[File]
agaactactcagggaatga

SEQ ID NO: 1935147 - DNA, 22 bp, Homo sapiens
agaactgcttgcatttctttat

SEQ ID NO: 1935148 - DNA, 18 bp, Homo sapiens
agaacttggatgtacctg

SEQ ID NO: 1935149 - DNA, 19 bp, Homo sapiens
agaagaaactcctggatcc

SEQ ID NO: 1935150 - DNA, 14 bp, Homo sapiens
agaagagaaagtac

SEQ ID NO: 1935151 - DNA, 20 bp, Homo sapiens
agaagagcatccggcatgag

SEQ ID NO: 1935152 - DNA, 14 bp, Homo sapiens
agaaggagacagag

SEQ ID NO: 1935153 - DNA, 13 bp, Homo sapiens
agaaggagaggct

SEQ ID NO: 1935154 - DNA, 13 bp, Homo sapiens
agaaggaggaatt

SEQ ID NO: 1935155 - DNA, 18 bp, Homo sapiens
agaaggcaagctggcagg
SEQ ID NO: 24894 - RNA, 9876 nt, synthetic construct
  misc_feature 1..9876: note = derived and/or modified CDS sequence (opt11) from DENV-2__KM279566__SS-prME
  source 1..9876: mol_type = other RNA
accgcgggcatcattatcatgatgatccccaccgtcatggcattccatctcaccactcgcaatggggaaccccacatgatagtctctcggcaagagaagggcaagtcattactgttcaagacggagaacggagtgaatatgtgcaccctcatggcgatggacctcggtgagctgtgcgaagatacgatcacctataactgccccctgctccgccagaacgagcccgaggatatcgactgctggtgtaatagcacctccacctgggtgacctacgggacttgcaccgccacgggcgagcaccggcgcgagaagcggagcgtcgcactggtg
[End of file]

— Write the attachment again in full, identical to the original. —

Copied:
agaactactcagggaatga

SEQ ID NO: 1935147 - DNA, 22 bp, Homo sapiens
agaactgcttgcatttctttat

SEQ ID NO: 1935148 - DNA, 18 bp, Homo sapiens
agaacttggatgtacctg

SEQ ID NO: 1935149 - DNA, 19 bp, Homo sapiens
agaagaaactcctggatcc

SEQ ID NO: 1935150 - DNA, 14 bp, Homo sapiens
agaagagaaagtac

SEQ ID NO: 1935151 - DNA, 20 bp, Homo sapiens
agaagagcatccggcatgag

SEQ ID NO: 1935152 - DNA, 14 bp, Homo sapiens
agaaggagacagag

SEQ ID NO: 1935153 - DNA, 13 bp, Homo sapiens
agaaggagaggct

SEQ ID NO: 1935154 - DNA, 13 bp, Homo sapiens
agaaggaggaatt

SEQ ID NO: 1935155 - DNA, 18 bp, Homo sapiens
agaaggcaagctggcagg
SEQ ID NO: 24894 - RNA, 9876 nt, synthetic construct
  misc_feature 1..9876: note = derived and/or modified CDS sequence (opt11) from DENV-2__KM279566__SS-prME
  source 1..9876: mol_type = other RNA
accgcgggcatcattatcatgatgatccccaccgtcatggcattccatctcaccactcgcaatggggaaccccacatgatagtctctcggcaagagaagggcaagtcattactgttcaagacggagaacggagtgaatatgtgcaccctcatggcgatggacctcggtgagctgtgcgaagatacgatcacctataactgccccctgctccgccagaacgagcccgaggatatcgactgctggtgtaatagcacctccacctgggtgacctacgggacttgcaccgccacgggcgagcaccggcgcgagaagcggagcgtcgcactggtg